Obsessed as he is with the veracity of his memory of Mary, Clare finds himself dwelling on a biblical passage of doom and loss. Composing a long paraphrase of the prophecy, with that final denouement — ‘though bondsmen enslave thee’ — laying in wait. He finds himself writing a prophecy of his own judgment and removal.
Or to avert the blow
To sudden desolation shalt thou go
& to the ruin which thou shalt not know
(Isaiah 47 paraphrase, lines 57-60)
Thy merchants from thy youth
They shall wander one & all
To his quarters & the truth
Shall leave thee more in thrall
Though slave dealers take thee
though bondsmen enslave thee
There's none shall be able to shield thee or save thee
(Isaiah paraphrase, lines 85-90)
In due course the ‘slave dealers’, in the form of Parson Glossop, Fenwick Skrimshire and William Page, arrive at the cottage and there are none able to shield him or save him, estranged as he was… ‘a stranger to his own family’.
One day keepers came, and a vain struggle, and the Northborough cottage saw John Clare no more. He was now in the asylum at Northampton, and the minds of Northamptonshire noblemen need no longer be troubled that a poet was wandering in miserable happiness under their park walls.
So far, the madness of Clare had been rather an exaltation of mind than a collapse. Forsaken mainly by his friends… unrecognized by the new generation of writers and of readers, hated by his neighbours, wasted with hopeless love, he had encouraged a life of imagination and ideals. Imagination overpowered him, until his perception of realities failed him. He could see Mary Joyce or talk with her, he had a family of dream-children by her: but if this was madness, there was method in it. But now the blow fell, imprisonment for life: down went John Clare into idiocy, "the ludicrous with the terrible." And even from this desperate abyss he rose.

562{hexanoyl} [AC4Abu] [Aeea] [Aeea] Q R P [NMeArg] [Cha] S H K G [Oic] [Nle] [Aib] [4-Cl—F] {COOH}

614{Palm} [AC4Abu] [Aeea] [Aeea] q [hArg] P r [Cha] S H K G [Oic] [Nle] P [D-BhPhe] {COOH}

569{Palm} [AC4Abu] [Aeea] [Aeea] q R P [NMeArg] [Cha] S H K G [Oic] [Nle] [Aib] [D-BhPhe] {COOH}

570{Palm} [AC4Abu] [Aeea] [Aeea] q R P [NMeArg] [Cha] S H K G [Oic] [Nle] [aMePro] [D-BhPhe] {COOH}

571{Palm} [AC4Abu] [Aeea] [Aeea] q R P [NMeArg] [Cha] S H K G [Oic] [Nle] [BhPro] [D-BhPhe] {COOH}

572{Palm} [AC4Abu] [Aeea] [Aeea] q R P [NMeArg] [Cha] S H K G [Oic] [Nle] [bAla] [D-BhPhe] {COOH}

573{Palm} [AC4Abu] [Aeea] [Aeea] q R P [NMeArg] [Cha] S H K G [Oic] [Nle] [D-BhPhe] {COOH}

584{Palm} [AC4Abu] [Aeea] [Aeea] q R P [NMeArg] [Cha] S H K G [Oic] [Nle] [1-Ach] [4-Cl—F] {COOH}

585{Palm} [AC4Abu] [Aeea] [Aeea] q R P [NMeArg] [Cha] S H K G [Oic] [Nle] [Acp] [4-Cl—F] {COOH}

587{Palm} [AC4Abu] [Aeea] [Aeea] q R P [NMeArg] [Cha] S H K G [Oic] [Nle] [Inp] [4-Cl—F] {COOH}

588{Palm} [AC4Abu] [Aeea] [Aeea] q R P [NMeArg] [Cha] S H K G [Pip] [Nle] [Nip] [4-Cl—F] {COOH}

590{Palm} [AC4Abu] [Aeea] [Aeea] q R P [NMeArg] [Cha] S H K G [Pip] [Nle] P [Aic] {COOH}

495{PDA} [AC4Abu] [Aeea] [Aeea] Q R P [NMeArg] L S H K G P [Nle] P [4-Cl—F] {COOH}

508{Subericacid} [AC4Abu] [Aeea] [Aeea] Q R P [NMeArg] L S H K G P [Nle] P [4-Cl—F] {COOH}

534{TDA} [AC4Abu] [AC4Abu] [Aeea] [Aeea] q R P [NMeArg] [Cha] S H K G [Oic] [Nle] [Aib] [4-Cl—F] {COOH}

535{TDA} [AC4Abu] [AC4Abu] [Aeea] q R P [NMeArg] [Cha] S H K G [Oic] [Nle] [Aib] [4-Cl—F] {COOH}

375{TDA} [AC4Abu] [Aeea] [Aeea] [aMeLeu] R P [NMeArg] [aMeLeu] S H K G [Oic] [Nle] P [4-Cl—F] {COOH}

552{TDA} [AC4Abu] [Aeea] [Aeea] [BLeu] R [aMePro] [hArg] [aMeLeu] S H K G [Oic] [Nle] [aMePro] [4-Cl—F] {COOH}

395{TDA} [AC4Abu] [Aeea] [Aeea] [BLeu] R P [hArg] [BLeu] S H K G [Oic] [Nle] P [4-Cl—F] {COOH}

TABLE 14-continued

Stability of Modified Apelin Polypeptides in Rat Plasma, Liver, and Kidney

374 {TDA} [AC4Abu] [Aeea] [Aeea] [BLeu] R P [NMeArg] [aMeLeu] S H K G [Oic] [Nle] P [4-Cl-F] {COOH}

Earl Fitzwilliam paid for Clare's maintenance in the Northampton Asylum, but at the ordinary rate for poor people. The asylum authorities at least seemed to have recognized Clare as a man out of the common, treating him as a "gentleman patient," and allowing him -- for the first twelve years -- to go when he wished into Northampton, where he would sit under the portico of All Saints' Church in meditation.
(from ‘Poems Chiefly From Manuscript’
Edited by Edmund Blunden and Alan Porter.
New York: G. P. Putnam's Sons, 1921